The prop is a tool for reviewing and discussing sydney's arts scene. the priority is to respond to the work, rather than evaluate it.  

Away- Sydney Theatre Company

Michael Gow’s 1987 classic is back on at Sydney Theatre Company. Playing at the Opera House Drama Theatre, this production is directed by Matthew Lutton and is decidedly dark, right down from the design and lighting choices, to the tone of its more dramatic scenes. Most Australians who went to school between 1994 and today are probably familiar with Away, as it has been on the HSC syllabus, partly due to its allusions to Shakespeare and the historical context in which it is set. Of course, Away concerns Australians, our place in the world, and our ongoing evolution into a mature nation. It is a fairly “white” story, despite the diverse casting choices of this production. However, the play is still set in 1968, and so it’s about a post-Menzian, Vietnam War era Australia, and when the last vestiges of the White Australia Policy were still on the books.

Possibly as a result of not paying close enough attention in class, or because of a concerted effort by my brain to forget all the books they forced me to read in school – I went into this play with only the vaguest recollections of the plot and the characters. But I hadn’t forgotten that it was a play about growing up. Like so much of the Australian theatrical canon, the theme of self-actualisation, particularly in the characters of Tom, Meg and Coral, was prominent and a driving part of the story. In one sense, the story is a reworking of A Midsummer Night’s Dream, with each character having an allegorical pairing with a character in Shakespeare’s play – but on a deeper, and in my view, more important level, the play remains relevant because it deals with the things that Australians are still arguing about: our place in the world; our responsibilities to each other; and our relationship to the land on which we live.

Gow’s text is excellent – and worthy of study. He was writing twenty years after the time portrayed in the play, but his references to 60s Australiana are funny, and in their own way illuminating of the small-mindedness of the time. What struck me about the story – and what never occurred to me as a teenager – was how emotional the lives of the adults are, particularly Coral and Roy. I think a High School reading of the play naturally focusses on the lives of teenagers Tom and Meg – and their story is important – but this production creates an ensemble piece, with brilliant doubling and an intelligent blending of the three families’ plotlines.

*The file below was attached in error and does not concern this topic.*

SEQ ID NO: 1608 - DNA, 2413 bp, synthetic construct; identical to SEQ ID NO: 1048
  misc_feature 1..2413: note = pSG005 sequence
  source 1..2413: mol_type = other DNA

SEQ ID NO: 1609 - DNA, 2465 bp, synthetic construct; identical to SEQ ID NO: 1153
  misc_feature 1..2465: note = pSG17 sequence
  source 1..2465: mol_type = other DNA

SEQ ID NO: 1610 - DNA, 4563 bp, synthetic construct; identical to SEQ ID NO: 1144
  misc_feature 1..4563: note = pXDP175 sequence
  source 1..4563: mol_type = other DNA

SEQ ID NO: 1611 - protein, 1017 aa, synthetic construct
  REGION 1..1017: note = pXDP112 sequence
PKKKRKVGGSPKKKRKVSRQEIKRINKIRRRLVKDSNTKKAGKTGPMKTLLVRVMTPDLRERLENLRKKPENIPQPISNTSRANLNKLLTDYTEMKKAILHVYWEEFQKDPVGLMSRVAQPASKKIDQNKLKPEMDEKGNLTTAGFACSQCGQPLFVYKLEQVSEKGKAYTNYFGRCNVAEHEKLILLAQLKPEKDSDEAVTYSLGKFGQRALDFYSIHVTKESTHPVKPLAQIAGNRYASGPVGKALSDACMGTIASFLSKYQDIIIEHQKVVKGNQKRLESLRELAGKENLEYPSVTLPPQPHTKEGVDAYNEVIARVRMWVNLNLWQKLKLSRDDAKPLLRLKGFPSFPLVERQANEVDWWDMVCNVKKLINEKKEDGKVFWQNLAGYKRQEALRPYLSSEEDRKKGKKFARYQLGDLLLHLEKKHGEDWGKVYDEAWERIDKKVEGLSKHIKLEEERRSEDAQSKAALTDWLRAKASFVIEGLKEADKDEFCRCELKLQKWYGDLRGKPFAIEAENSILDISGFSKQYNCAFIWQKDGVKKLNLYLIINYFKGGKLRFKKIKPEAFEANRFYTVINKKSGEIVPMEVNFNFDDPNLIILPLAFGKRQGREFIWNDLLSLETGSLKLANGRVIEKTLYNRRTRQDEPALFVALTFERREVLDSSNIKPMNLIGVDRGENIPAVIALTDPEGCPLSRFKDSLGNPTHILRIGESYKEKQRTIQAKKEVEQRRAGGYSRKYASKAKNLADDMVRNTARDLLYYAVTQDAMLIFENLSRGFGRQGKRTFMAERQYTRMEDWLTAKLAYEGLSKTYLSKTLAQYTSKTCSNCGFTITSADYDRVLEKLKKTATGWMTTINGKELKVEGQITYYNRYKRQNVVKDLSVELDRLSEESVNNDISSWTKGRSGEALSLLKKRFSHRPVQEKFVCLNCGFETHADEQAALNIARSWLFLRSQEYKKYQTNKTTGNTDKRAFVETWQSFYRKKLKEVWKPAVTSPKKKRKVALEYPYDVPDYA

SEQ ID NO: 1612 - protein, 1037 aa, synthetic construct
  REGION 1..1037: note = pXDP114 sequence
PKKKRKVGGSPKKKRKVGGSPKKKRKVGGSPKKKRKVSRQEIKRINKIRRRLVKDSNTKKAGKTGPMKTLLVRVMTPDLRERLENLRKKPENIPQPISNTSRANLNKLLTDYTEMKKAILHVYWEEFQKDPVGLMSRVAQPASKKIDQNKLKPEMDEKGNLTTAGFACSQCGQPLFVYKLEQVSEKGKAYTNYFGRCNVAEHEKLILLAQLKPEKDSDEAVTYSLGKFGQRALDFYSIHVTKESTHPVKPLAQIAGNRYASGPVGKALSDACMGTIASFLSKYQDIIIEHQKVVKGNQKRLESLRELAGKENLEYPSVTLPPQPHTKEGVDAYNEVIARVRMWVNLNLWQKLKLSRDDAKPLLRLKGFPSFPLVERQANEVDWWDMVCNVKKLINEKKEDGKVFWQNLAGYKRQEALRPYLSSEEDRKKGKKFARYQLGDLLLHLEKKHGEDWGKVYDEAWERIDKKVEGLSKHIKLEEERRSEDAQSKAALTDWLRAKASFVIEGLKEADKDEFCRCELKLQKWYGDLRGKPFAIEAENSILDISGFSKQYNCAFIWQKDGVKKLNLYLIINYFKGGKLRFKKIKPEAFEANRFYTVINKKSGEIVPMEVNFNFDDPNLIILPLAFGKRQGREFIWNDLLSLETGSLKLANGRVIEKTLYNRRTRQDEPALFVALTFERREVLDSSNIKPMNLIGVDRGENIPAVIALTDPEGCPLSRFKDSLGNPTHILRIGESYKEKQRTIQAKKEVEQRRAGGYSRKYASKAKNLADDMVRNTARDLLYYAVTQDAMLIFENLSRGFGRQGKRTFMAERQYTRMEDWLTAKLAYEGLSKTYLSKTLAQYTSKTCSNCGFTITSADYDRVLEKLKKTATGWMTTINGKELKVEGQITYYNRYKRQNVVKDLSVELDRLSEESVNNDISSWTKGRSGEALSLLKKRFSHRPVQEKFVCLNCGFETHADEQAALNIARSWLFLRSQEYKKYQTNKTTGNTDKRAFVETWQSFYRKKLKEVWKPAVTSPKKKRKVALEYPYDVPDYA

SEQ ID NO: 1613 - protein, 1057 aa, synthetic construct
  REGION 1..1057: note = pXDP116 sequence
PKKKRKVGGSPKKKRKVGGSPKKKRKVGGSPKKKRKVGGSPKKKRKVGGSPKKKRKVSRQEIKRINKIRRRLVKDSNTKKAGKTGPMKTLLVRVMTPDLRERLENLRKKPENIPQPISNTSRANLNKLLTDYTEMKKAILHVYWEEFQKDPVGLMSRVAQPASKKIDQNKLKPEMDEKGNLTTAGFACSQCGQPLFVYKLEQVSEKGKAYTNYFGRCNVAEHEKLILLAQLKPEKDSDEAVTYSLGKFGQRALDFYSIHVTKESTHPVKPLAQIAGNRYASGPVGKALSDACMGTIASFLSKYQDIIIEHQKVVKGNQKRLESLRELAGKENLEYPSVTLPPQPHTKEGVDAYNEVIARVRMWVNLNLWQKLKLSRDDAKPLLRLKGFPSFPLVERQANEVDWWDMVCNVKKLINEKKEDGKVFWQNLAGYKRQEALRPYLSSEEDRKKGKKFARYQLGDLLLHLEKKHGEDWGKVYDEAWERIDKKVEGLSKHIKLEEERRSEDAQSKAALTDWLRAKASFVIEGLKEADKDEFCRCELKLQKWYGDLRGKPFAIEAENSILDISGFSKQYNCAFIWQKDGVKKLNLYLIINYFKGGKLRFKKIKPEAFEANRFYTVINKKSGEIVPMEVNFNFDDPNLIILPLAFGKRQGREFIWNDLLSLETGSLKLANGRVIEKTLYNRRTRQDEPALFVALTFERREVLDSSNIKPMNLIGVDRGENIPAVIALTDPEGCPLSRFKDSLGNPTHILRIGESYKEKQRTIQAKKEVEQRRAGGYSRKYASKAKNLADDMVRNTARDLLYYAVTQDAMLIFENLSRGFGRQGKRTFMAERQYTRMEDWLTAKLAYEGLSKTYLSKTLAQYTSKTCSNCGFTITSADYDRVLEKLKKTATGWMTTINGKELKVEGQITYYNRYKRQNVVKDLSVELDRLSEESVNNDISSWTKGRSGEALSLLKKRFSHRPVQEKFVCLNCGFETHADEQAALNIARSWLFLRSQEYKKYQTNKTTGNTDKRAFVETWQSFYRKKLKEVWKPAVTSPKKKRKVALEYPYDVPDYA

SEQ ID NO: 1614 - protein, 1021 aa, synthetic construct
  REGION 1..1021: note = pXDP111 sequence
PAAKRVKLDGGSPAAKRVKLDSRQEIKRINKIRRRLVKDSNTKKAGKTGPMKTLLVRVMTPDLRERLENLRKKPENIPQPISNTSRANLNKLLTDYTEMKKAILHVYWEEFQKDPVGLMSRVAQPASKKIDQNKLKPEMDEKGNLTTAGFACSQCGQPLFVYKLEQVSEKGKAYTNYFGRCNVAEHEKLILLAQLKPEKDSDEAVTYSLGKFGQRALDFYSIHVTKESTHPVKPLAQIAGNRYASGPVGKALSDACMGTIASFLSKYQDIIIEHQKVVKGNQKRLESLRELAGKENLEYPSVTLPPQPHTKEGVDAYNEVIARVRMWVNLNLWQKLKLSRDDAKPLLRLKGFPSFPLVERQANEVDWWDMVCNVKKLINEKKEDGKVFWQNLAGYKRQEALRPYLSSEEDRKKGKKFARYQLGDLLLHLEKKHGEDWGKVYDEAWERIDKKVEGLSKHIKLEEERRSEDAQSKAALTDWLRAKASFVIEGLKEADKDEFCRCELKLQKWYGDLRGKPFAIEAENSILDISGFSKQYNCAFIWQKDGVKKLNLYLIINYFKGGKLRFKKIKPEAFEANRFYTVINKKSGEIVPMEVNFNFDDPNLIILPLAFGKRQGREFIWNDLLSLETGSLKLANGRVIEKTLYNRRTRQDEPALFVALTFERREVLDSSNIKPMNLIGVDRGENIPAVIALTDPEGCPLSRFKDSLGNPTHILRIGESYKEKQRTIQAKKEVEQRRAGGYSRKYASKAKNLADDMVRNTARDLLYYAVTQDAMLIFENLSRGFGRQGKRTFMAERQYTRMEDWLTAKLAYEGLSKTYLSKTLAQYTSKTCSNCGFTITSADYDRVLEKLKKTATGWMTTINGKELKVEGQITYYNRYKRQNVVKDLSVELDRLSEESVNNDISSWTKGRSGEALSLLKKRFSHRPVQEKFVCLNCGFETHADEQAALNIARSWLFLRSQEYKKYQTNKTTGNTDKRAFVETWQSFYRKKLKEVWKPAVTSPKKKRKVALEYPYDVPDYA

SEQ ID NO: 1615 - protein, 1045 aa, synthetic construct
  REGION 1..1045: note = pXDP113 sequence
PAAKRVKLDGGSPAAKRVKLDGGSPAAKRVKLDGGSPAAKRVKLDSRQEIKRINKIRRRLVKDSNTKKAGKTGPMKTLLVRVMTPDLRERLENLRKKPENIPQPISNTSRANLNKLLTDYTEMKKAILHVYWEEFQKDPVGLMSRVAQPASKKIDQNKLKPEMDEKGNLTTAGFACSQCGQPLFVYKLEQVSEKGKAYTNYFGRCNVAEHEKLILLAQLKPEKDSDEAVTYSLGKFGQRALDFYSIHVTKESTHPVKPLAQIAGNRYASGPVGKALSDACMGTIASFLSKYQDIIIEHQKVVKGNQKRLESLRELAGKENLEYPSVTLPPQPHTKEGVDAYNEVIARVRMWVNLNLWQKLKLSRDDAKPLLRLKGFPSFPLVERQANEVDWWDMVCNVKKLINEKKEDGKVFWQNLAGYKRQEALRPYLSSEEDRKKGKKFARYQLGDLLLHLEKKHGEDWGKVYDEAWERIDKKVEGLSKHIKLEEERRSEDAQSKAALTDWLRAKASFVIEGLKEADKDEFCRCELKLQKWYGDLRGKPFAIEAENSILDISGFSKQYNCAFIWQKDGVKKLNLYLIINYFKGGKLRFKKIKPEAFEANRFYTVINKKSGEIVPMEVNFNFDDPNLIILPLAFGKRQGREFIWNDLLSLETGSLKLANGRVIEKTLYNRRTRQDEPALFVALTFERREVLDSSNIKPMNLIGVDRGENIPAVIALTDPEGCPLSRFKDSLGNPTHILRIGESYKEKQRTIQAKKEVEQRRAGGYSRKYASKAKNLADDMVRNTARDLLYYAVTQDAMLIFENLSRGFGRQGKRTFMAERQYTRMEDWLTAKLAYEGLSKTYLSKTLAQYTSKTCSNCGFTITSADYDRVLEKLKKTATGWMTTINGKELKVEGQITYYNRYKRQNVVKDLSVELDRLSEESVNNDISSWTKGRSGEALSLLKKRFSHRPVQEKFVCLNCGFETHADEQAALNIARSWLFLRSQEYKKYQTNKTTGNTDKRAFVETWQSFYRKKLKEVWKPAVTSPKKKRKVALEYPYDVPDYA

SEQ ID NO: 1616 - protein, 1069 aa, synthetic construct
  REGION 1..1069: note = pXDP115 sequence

Glen Hazeldine is brilliant as Roy, moving me to tears as he implores his wife to overcome the death of their son – conscripted to fight in Vietnam. His anguish, confusion and exasperation is met with resignation from Coral, played by Natasha Herbert. Her performance is tragic yet warm, and she does well to render Coral as something more than a grieving basket-case. 

Heather Mitchell pitches her performance brilliantly as Gwen, a once proud and ambitious woman who has become a twisted crank, waiting until the last possible moment to demure and become an object of our sympathy. Marco Chiappi, as her henpecked and resigned husband, navigates her abuse out of a love for the woman she once was. His reserved style plays brilliantly against Mitchell’s ferocity.

Liam Nunan, as Tom, is captivating. He goes the whole play hiding a terrible secret, and gives a warm, and vulnerable performance. Nunan is certainly one to watch. It’s amazing how the play turns so quickly from a story about three different families from three different socio-economic backgrounds, to an exploration of the interconnectedness of people – and how the fracturing of relationships between lovers, between generations, between children and parents, can lead to sadness, but also renewal. The act of going away brings this all together, precipitating a collision of forces that cause each character to change in their own particular way. I think Lutton has done really well here, allowing for the drama to be at the forefront, rather than aiming for laughs.

The show had a few bizarre and ultimately dull dance sequences, which effectively functioned as scenic transitions and not much more. They brought little development to the story, and could have been lost to save time (the production is on the lengthy side at 115 min with no interval). 

Michael Gow, speaking at the 2016 Playwright’s Festival in Melbourne, spoke of how he felt that Away’s flaws are obvious in the penultimate scene with Coral and Tom. Apparently, the original text of the scene lacks narrative and emotional drive – with both characters being vague about their intentions and objectives. The scene is truncated in Lutton’s production – a wise choice.

The play’s strength, in my view, is the simplicity and deftness with which it weaves its story. Gow doesn’t waste any time explaining the more boring aspects of Australiana – he completely understands his audience, trusting them with gaps in exposition and allowing us to get invested in what is essentially the heart of this story: the agony we endure in order to be alive. Because this is true! Life is hard, and not everybody gets what they want. Our ability to lie to those we love in order to save them, to support them even when they’re wrong – dead wrong – is a beautiful thing, but also a troubling, problematic, and entirely human flaw. I think that’s the lesson of Gow’s play – that life can be simple, precious, and imperfect - just like his story.

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